Preliminary information from the flight recorders of the crashed Pakistan International Airlines Airbus A320 in Karachi have not indicated any reason for A320 operators to take safety action.
Airbus has contacted operators of the aircraft type following the 22 May accident which occurred as the PIA jet, arriving from Lahore as flight PK8303, attempted to conduct a second approach after executing a go-around.
FlightGlobal understands that operators have been informed that Airbus has “no specific safety recommendations to raise at this stage of the investigation”, following an initial analysis of cockpit-voice and flight-data recordings, air traffic control records, and site information.
“Both recorders provided valuable information for the investigation,” operators have been advised.
While the inquiry has yet to detail the circumstances of the accident, the absence of recommendations in the Airbus communication provisionally indicates that there was nothing technically unsound about the aircraft and that its systems showed no unexpected or unusual response to crew actions.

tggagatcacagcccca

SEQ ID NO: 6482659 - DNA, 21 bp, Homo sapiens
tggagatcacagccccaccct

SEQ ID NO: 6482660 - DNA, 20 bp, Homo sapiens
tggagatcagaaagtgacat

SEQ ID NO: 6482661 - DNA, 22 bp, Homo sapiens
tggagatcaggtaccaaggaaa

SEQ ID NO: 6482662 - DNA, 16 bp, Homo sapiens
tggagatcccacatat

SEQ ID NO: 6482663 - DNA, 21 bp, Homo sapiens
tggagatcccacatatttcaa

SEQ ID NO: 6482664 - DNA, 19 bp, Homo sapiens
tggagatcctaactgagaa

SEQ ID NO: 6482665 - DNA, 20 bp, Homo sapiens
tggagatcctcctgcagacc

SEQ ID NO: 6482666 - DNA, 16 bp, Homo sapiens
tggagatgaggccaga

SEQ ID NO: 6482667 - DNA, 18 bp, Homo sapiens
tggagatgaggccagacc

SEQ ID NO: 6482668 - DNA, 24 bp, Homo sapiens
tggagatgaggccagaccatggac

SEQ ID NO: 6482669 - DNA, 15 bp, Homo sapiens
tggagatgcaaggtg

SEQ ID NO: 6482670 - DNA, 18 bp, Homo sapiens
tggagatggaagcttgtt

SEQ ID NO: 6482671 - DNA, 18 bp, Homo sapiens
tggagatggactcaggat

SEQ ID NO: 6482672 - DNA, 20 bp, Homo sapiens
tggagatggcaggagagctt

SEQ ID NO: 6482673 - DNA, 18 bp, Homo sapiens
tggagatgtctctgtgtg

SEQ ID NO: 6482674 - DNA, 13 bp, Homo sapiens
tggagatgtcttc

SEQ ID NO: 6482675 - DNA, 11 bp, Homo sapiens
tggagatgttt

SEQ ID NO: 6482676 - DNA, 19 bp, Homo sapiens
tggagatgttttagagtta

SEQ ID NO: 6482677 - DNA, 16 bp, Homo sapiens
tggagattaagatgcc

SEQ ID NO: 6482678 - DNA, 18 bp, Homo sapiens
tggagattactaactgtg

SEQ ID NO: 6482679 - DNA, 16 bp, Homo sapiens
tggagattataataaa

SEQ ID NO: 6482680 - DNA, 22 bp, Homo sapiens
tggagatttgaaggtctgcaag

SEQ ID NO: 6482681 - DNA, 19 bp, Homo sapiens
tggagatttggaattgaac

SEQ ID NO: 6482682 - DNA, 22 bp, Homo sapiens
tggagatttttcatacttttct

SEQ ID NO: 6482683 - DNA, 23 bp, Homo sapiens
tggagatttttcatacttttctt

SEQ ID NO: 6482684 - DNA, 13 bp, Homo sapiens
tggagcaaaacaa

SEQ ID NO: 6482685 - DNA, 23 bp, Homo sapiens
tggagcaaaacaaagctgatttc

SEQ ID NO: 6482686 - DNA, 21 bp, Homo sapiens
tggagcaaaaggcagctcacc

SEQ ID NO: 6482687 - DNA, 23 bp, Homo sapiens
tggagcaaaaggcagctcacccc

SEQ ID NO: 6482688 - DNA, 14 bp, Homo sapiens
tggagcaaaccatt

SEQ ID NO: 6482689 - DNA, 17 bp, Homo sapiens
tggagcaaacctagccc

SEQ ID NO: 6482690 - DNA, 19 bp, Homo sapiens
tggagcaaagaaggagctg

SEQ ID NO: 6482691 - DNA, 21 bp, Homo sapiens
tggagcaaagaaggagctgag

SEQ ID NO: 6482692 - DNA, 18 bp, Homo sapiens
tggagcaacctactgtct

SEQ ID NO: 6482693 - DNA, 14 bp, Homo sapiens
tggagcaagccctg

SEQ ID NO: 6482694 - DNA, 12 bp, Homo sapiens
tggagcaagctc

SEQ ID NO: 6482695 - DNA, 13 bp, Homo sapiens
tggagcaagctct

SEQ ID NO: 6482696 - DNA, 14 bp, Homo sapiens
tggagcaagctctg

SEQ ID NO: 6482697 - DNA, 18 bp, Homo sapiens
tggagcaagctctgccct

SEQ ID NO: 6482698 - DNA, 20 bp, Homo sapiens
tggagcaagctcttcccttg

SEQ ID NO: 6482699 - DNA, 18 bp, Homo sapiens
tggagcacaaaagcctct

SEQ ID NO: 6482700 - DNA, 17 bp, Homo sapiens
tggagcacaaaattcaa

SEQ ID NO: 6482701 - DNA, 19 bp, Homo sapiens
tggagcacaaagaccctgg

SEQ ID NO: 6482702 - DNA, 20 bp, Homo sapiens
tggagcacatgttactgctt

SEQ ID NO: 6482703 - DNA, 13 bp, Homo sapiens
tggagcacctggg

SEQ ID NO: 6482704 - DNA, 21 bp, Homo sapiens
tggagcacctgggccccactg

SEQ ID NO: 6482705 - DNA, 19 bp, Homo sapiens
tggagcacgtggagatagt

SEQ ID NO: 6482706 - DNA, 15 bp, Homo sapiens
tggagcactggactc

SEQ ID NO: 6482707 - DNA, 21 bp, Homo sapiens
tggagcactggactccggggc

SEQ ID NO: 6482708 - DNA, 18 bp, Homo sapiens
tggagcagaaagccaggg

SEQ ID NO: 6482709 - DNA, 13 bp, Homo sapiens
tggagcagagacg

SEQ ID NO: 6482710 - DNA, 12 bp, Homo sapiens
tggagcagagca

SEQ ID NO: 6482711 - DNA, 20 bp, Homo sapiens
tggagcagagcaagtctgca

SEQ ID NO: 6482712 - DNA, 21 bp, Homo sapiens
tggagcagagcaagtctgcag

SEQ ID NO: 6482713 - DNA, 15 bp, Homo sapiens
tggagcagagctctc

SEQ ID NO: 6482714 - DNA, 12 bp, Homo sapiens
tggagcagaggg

No specific flight-data recorder information has been released on the status of the landing-gear during the first approach to Karachi’s runway 25L, or the dynamics of the final approach such as the descent rate.
But the all-operator communication indirectly strengthens the evidence that the landing-gear of the aircraft was not malfunctioning before the jet apparently touched down on the runway on its engine pods, rather than its wheels, and climbed away.
For a parked A320 with CFM International CFM56 engines there would normally be 0.57m ground clearance from the underside of the nacelles.
The A320 had previously been the subject of main landing-gear deployment issues in 2013 which were traced to actuator jamming. But crew communications with Karachi air traffic control had not referenced any landing-gear problems.
A320 normal pre-landing cockpit procedures include a ‘landing-gear down’ check which typically accompanies setting of the go-around altitude, arming of spoilers, and a check on the flap configuration.
After the go-around the crew indicated to air traffic control that the aircraft was unable to hold altitude and had lost engine power. Surveillance video images of the aircraft’s final descent, as it attempted a second approach, clearly show the landing-gear deployed.
Just two of the 99 occupants survived the accident.
Pakistan’s aircraft accident investigation board is leading the probe, assisted by Airbus, Safran Aircraft Engines, the European Union Aviation Safety Agency, and French investigation authority BEA which took responsibility for downloading the flight-recorder information at its Paris facilities.